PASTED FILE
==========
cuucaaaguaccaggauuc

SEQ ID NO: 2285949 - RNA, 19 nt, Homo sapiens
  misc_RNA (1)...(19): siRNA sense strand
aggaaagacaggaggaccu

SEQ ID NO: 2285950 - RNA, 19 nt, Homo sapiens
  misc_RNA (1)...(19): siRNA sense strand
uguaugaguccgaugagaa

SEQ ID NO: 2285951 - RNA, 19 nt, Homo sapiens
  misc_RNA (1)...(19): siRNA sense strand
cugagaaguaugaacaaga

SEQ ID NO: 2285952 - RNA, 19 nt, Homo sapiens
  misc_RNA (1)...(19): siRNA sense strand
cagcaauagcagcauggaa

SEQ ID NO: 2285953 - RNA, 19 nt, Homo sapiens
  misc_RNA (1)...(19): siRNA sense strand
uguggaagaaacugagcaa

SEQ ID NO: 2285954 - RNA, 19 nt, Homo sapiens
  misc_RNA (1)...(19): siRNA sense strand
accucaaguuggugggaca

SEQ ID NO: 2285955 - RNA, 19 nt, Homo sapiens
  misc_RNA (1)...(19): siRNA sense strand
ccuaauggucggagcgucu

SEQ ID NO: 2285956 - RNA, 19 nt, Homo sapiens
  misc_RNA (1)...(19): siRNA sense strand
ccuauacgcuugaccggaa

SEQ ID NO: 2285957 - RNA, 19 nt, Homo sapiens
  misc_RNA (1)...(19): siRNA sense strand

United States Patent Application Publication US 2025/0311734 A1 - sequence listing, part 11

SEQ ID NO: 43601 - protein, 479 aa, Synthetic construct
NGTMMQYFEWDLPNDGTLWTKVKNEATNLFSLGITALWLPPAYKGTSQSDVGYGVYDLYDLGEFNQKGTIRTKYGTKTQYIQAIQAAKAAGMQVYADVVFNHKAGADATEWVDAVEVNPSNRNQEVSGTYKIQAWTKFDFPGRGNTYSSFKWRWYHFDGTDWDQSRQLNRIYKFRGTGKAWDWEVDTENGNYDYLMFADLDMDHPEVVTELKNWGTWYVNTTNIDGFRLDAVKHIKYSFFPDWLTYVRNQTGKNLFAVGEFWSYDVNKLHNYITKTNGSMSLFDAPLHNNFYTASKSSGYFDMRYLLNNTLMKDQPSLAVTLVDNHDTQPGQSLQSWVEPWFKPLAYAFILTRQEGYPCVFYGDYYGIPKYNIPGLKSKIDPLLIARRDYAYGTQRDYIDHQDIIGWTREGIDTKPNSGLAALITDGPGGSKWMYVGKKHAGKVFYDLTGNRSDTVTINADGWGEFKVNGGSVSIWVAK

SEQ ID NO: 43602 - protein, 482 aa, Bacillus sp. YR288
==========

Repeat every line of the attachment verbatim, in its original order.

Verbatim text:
cuucaaaguaccaggauuc

SEQ ID NO: 2285949 - RNA, 19 nt, Homo sapiens
  misc_RNA (1)...(19): siRNA sense strand
aggaaagacaggaggaccu

SEQ ID NO: 2285950 - RNA, 19 nt, Homo sapiens
  misc_RNA (1)...(19): siRNA sense strand
uguaugaguccgaugagaa

SEQ ID NO: 2285951 - RNA, 19 nt, Homo sapiens
  misc_RNA (1)...(19): siRNA sense strand
cugagaaguaugaacaaga

SEQ ID NO: 2285952 - RNA, 19 nt, Homo sapiens
  misc_RNA (1)...(19): siRNA sense strand
cagcaauagcagcauggaa

SEQ ID NO: 2285953 - RNA, 19 nt, Homo sapiens
  misc_RNA (1)...(19): siRNA sense strand
uguggaagaaacugagcaa

SEQ ID NO: 2285954 - RNA, 19 nt, Homo sapiens
  misc_RNA (1)...(19): siRNA sense strand
accucaaguuggugggaca

SEQ ID NO: 2285955 - RNA, 19 nt, Homo sapiens
  misc_RNA (1)...(19): siRNA sense strand
ccuaauggucggagcgucu

SEQ ID NO: 2285956 - RNA, 19 nt, Homo sapiens
  misc_RNA (1)...(19): siRNA sense strand
ccuauacgcuugaccggaa

SEQ ID NO: 2285957 - RNA, 19 nt, Homo sapiens
  misc_RNA (1)...(19): siRNA sense strand

United States Patent Application Publication US 2025/0311734 A1 - sequence listing, part 11

SEQ ID NO: 43601 - protein, 479 aa, Synthetic construct
NGTMMQYFEWDLPNDGTLWTKVKNEATNLFSLGITALWLPPAYKGTSQSDVGYGVYDLYDLGEFNQKGTIRTKYGTKTQYIQAIQAAKAAGMQVYADVVFNHKAGADATEWVDAVEVNPSNRNQEVSGTYKIQAWTKFDFPGRGNTYSSFKWRWYHFDGTDWDQSRQLNRIYKFRGTGKAWDWEVDTENGNYDYLMFADLDMDHPEVVTELKNWGTWYVNTTNIDGFRLDAVKHIKYSFFPDWLTYVRNQTGKNLFAVGEFWSYDVNKLHNYITKTNGSMSLFDAPLHNNFYTASKSSGYFDMRYLLNNTLMKDQPSLAVTLVDNHDTQPGQSLQSWVEPWFKPLAYAFILTRQEGYPCVFYGDYYGIPKYNIPGLKSKIDPLLIARRDYAYGTQRDYIDHQDIIGWTREGIDTKPNSGLAALITDGPGGSKWMYVGKKHAGKVFYDLTGNRSDTVTINADGWGEFKVNGGSVSIWVAK

SEQ ID NO: 43602 - protein, 482 aa, Bacillus sp. YR288